Let your children try whatever they want to do; step in when you must, but let them fail a little and learn from it. That’s what Dr. Robert Yap, chairman of local logistics company YCH Group, believes will build resilience. He shares why resilient and enthusiastic minds count more than top grades in his organisation.
What do you look for at an interview?
When I hire, I look at whether people have fire in their eyes. I don’t care too much about academic qualifications. If you are enthusiastic and have the basic knowledge and skills, we can train the rest of it. But if you have no interest, even if you come in with your best skills, it’s pointless.
Why is enthusiasm so important?
The Chinese philosophy of "先苦后甜" or "bitter first then sweet", that attitude is very precious. It doesn’t matter if you have a diploma or ITE (Institute of Technical Education) certificate, or if you come from an Ivy League university. But it matters if you are motivated, eager to learn, inquisitive and unafraid of hard work.
The experience you gain is actually more important than your academic training. Yes, basic training is important but do you need a degree before entering the working world? With enthusiasm for learning, you can get a degree, or even a Masters after you have started working. It’s just a different pathway.
How do you actively seek enthusiastic and hardworking staff?
As an employer, if you ask me whom I’d hire – a fresh university graduate versus someone who is from this track – I can tell you I’ll hire the person with the hands-on experience.
We are creating an industry training center for SkillsFuture with the Workforce Development Agency (WDA) to develop sustainable talent for the future. We want to take in students from the ITE and polytechnics, put them through an enhanced internship and then the “Earn and Learn” programme. This connects them to the industry as early as possible.
What are the skills that are most relevant to your industry?
At YCH Group, our mantra is “Innovate to survive”. You have to innovate so you can lead the team. But how do you innovate if you don’t dare to try? If you don’t make mistakes, it means you’re not doing anything different. In our management team, we allow people to make mistakes.
What happens if you don’t allow for mistakes? People don’t act.
Do you find Singaporean youth ready to try and innovate?
Yes, but our youth today needs to be more resilient. In the old days, times were harder and our parents were just looking for ways to survive. Today, youths have probably never experienced the same kind of hardship. Parents are more protective because we are well-to-do. We can afford to be protective!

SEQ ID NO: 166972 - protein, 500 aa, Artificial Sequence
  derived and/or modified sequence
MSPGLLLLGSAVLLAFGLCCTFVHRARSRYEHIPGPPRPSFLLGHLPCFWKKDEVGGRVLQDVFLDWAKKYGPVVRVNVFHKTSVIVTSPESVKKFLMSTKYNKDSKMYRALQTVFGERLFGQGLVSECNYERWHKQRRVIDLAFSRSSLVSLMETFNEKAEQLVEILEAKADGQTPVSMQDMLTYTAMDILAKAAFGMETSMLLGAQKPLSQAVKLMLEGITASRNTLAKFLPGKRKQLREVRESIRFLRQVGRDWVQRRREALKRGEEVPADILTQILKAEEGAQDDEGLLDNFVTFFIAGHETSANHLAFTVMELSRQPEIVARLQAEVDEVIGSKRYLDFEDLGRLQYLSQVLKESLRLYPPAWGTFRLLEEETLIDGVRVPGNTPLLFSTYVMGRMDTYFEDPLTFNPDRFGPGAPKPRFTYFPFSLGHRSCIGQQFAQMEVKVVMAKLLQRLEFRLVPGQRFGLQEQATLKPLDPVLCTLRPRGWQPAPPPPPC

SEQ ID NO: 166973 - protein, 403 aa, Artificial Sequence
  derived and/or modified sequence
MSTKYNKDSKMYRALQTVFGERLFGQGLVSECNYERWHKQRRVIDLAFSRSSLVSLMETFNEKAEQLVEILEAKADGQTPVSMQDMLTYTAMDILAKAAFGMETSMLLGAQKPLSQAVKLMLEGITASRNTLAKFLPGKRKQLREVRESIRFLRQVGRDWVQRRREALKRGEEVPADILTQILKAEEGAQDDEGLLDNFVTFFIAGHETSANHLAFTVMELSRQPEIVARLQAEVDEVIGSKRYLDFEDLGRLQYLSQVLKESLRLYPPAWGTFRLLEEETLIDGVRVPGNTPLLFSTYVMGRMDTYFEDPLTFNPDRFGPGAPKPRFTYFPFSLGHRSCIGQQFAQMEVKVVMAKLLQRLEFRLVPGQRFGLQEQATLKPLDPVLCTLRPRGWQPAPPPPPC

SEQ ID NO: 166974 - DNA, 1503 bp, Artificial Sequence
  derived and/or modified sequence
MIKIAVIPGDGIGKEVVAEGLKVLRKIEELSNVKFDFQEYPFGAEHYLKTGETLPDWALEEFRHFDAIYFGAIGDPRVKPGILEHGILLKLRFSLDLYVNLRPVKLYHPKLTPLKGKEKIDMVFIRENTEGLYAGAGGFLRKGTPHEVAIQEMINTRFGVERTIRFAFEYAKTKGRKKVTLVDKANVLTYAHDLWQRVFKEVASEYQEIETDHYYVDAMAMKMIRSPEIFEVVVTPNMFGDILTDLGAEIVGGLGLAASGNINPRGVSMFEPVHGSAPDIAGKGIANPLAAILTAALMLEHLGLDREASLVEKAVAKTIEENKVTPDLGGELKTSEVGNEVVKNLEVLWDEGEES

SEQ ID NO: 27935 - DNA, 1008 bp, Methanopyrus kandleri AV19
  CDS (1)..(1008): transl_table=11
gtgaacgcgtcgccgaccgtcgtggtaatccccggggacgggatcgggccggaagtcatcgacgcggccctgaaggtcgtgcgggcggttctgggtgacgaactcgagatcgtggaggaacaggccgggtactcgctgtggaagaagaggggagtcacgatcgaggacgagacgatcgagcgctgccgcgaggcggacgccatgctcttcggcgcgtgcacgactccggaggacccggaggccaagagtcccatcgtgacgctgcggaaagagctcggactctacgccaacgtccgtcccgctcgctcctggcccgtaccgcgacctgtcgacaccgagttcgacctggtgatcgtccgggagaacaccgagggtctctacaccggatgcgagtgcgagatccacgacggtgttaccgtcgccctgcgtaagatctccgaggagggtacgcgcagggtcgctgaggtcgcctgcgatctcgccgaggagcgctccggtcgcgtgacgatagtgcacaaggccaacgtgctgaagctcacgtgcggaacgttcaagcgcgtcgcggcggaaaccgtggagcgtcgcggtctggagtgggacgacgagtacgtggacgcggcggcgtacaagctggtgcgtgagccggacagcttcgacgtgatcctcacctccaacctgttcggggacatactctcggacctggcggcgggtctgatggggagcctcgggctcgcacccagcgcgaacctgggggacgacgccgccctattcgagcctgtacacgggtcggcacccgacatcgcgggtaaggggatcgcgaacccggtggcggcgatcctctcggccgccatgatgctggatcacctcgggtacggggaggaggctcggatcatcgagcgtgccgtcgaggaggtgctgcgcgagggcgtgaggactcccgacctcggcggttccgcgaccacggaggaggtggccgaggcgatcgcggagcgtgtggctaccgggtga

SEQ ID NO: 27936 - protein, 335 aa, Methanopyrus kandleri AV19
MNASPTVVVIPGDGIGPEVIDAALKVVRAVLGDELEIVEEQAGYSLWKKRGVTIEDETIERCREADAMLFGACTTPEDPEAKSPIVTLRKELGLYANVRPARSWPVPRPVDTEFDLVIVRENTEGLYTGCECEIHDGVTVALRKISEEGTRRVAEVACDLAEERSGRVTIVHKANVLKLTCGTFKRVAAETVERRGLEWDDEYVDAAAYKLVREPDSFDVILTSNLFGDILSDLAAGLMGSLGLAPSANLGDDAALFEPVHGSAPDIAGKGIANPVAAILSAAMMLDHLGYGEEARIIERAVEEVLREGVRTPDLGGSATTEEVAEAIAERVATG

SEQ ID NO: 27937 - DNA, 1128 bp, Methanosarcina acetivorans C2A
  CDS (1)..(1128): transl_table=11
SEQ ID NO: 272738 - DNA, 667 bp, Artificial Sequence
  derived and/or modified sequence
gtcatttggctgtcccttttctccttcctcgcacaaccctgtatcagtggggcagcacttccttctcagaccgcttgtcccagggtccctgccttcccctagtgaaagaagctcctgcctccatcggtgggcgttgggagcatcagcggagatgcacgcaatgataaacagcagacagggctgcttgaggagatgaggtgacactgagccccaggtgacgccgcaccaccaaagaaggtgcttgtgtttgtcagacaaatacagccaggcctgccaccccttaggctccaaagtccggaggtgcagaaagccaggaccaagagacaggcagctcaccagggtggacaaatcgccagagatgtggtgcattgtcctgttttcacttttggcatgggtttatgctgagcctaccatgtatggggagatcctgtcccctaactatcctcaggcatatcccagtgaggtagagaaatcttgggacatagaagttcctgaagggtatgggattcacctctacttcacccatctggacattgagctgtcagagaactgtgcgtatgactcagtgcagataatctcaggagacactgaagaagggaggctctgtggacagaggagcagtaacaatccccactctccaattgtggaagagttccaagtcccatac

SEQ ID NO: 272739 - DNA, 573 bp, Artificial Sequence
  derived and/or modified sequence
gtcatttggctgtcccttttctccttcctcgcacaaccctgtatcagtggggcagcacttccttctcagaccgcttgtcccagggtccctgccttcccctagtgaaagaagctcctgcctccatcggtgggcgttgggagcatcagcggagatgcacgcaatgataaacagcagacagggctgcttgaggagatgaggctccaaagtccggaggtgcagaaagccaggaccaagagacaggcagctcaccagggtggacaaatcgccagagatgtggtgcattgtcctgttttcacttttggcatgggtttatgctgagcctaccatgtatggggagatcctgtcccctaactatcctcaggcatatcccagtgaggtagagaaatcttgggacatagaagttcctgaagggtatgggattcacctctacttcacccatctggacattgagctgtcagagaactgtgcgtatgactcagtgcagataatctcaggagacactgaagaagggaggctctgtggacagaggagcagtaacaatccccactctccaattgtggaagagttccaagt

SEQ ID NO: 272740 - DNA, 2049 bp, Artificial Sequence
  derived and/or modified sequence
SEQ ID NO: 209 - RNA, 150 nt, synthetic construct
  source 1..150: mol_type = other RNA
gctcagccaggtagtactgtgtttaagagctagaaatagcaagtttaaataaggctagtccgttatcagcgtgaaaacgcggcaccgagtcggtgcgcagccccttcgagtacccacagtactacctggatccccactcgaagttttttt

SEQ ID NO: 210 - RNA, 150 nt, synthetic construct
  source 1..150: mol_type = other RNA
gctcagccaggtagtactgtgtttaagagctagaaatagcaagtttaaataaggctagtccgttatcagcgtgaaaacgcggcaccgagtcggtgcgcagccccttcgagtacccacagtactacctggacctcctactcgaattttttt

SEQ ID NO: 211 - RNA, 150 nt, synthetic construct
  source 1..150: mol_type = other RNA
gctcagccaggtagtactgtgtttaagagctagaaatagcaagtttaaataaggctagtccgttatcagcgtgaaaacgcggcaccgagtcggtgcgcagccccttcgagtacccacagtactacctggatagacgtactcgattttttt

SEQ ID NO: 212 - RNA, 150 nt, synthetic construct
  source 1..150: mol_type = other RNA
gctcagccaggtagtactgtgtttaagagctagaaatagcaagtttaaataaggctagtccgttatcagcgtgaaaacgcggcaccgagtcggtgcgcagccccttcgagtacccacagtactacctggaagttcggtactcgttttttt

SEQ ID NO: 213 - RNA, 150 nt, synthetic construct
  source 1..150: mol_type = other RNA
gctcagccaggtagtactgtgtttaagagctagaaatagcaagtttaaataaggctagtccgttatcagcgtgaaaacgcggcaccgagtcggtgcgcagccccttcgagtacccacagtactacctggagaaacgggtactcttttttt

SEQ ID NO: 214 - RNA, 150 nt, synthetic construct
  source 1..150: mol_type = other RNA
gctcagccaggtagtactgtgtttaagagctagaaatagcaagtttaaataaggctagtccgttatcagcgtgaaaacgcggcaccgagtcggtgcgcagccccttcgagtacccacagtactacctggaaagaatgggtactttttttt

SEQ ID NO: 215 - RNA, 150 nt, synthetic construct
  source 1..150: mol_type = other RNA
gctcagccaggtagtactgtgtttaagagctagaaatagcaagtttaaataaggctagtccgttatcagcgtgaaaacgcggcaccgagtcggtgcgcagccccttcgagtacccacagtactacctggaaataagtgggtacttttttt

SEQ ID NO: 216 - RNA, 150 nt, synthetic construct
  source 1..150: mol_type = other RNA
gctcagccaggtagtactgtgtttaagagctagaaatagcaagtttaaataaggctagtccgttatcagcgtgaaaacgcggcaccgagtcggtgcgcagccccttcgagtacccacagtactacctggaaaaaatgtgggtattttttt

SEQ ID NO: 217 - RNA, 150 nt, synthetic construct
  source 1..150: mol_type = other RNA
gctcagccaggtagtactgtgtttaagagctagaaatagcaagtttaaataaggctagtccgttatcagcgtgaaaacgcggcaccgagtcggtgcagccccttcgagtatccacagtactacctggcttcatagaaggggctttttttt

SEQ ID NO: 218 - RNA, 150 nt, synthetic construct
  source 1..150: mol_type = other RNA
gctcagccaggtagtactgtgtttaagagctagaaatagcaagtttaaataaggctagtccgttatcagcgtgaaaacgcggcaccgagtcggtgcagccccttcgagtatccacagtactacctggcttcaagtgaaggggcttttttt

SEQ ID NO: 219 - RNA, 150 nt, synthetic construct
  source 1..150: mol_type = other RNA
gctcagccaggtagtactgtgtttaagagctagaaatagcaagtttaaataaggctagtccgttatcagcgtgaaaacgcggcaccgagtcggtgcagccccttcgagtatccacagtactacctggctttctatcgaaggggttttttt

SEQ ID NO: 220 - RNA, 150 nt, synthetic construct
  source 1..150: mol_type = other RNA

But parents need to realise we cannot control the future. We have to let our children fail sometimes. If children fail, they must learn and come back stronger. Then they will able to handle the future on their own. That should be the formula – to not insulate them, so they can survive when they face hardship.
As a father, do you ever struggle with your children’s future?
I “grew” the company so obviously, my inner desire is that my children can grow the business further. I have many conversations with my children about what they want to do, and they also come to me for advice.
My eldest son is a lawyer and expert at IP (intellectual property) so I involve him in crafting our IP strategy. But whether he will join the company eventually, we have not decided on it yet. If he’s not interested, there’s no point in forcing him.
My daughter is very creative and wants to study dance. She is very passionate about it. As a typical Singaporean parent, my first instinct was to discourage her but I know I can’t dictate my children’s future. It all depends on their interests.
Many parents still struggle with planning their children’s future because they feel they know better. As an employer and a parent, what can you say about that?
A high-paying job might earn your children good money, but they won’t be happy because they are not suited for it. And what makes you think other options cannot earn them good money? That assumption is wrong in the first place.
If they are really on the wrong track, parents need to step in to guide them. But if it’s really the child’s interest, parents should actually let the children try it out.